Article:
Choosing to go an alternate route could also help you to stand out, too. They’ll appreciate the effort you made in reaching out to them again.

So, what do you include in your letter after a phone interview? We'll run through the specific points a little later, so let's summarize for now.

Alison says that you could consider your thank you note to be a follow up ‘sales’ message, too. While you’re thanking your prospective employers for their time, you’re also trying to reiterate that you want the job.

It's also an excellent opportunity to mention anything your interviewers forgot to ask you. This will show that you were listening and aren't afraid to include additional comments from your end.

Reaching Out and Using a Professional Subject Line

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At this point, we believe it’s a good time to remind you that you can reach out to the company who interviewed you if you’re not entirely sure of everyone’s names.

If you remember even one name from the group, you can use this to obtain the other contact information you need. Try emailing the person you know first. In the email, you can include a request to reach out to the other interviewers, too.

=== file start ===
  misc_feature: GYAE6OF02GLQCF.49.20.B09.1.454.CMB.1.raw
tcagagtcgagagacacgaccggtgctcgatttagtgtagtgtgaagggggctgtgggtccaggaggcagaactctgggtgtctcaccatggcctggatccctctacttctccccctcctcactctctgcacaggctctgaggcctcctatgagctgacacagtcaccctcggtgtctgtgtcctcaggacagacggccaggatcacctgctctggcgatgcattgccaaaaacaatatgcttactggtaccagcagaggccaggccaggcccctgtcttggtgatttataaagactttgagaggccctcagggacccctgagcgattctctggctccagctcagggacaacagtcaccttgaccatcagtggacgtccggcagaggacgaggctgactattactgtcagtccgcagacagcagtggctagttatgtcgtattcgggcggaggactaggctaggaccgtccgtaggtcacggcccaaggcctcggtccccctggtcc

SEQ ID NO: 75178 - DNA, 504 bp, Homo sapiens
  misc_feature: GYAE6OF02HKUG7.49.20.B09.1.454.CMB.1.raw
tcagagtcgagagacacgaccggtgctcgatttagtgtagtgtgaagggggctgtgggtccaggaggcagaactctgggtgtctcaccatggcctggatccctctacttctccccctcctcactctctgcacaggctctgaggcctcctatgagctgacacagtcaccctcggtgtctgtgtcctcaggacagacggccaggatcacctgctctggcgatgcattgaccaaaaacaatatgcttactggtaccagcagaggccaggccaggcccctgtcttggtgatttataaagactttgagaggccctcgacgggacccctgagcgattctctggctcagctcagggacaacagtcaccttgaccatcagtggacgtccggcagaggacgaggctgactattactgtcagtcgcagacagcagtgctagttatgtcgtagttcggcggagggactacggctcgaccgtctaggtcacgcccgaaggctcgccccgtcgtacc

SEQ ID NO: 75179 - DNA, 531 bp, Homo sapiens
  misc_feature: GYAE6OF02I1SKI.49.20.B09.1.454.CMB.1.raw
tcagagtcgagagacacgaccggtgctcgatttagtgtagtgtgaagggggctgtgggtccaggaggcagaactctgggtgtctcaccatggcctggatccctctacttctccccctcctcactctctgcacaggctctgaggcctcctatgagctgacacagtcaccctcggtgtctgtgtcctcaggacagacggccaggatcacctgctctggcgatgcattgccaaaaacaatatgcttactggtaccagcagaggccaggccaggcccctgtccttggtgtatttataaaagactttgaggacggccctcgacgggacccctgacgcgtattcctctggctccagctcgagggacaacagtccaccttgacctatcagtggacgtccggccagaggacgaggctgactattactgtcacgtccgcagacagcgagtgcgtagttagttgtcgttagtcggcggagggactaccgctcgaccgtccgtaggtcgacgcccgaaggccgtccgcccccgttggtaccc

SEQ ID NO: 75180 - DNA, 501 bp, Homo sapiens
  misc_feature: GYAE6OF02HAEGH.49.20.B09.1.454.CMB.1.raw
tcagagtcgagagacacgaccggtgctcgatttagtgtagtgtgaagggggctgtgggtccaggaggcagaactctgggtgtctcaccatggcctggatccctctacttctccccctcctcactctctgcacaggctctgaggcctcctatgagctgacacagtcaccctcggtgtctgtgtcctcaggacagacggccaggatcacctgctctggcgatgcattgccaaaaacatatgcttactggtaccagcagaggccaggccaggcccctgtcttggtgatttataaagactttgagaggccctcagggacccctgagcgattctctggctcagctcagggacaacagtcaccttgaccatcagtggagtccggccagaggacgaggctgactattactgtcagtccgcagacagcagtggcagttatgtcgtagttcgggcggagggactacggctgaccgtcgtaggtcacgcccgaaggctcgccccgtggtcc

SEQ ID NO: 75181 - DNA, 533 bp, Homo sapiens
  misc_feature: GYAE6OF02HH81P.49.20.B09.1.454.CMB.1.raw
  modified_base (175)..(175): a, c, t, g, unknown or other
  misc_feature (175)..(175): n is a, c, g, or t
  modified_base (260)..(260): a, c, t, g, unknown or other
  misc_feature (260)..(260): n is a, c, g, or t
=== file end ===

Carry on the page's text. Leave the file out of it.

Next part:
They won’t be put out by this and will appreciate the effort you’re willing to go to.

When it comes to formatting, Alison says that being professional will go a long way. Using a professional subject line might be one of the most critical parts of your message – if you choose to use email, that is.

Remember to keep it brief and provide just enough information for your recipient to know what the email is about. Include the phrase ‘thank you' somewhere and either the title of the job you interviewed for or your name. Don't be afraid to include both of these – the more specific you are, the less work your interviewer has to do.

Keeping It Brief and Hitting All the Right Points

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While you want to get your point across and make the recipients feel appreciated, you don't want to take up too much of their time. They have a lot of work to do around the job you applied for and don't need someone being more of a burden than a benefit.